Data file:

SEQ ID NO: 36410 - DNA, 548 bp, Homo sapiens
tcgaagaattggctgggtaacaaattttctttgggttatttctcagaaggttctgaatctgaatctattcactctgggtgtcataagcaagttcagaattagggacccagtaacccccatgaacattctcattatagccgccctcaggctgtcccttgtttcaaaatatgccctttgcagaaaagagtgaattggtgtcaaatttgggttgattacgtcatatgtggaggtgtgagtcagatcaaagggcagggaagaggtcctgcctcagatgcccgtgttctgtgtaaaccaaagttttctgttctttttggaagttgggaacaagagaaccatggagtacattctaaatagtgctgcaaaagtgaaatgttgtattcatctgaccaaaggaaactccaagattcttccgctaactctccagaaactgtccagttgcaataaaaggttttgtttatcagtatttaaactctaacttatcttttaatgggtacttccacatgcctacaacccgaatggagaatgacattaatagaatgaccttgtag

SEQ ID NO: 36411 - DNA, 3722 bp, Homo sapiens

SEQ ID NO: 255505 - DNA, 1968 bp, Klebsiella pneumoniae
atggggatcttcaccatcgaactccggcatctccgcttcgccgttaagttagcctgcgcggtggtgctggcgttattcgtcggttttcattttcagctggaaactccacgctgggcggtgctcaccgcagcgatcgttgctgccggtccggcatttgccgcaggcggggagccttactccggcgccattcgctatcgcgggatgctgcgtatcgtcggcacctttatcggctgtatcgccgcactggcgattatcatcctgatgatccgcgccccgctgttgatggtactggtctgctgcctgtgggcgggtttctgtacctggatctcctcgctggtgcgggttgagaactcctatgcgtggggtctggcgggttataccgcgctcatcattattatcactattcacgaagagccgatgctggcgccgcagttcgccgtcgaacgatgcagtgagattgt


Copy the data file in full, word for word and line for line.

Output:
SEQ ID NO: 36410 - DNA, 548 bp, Homo sapiens
tcgaagaattggctgggtaacaaattttctttgggttatttctcagaaggttctgaatctgaatctattcactctgggtgtcataagcaagttcagaattagggacccagtaacccccatgaacattctcattatagccgccctcaggctgtcccttgtttcaaaatatgccctttgcagaaaagagtgaattggtgtcaaatttgggttgattacgtcatatgtggaggtgtgagtcagatcaaagggcagggaagaggtcctgcctcagatgcccgtgttctgtgtaaaccaaagttttctgttctttttggaagttgggaacaagagaaccatggagtacattctaaatagtgctgcaaaagtgaaatgttgtattcatctgaccaaaggaaactccaagattcttccgctaactctccagaaactgtccagttgcaataaaaggttttgtttatcagtatttaaactctaacttatcttttaatgggtacttccacatgcctacaacccgaatggagaatgacattaatagaatgaccttgtag

SEQ ID NO: 36411 - DNA, 3722 bp, Homo sapiens

SEQ ID NO: 255505 - DNA, 1968 bp, Klebsiella pneumoniae
atggggatcttcaccatcgaactccggcatctccgcttcgccgttaagttagcctgcgcggtggtgctggcgttattcgtcggttttcattttcagctggaaactccacgctgggcggtgctcaccgcagcgatcgttgctgccggtccggcatttgccgcaggcggggagccttactccggcgccattcgctatcgcgggatgctgcgtatcgtcggcacctttatcggctgtatcgccgcactggcgattatcatcctgatgatccgcgccccgctgttgatggtactggtctgctgcctgtgggcgggtttctgtacctggatctcctcgctggtgcgggttgagaactcctatgcgtggggtctggcgggttataccgcgctcatcattattatcactattcacgaagagccgatgctggcgccgcagttcgccgtcgaacgatgcagtgagattgt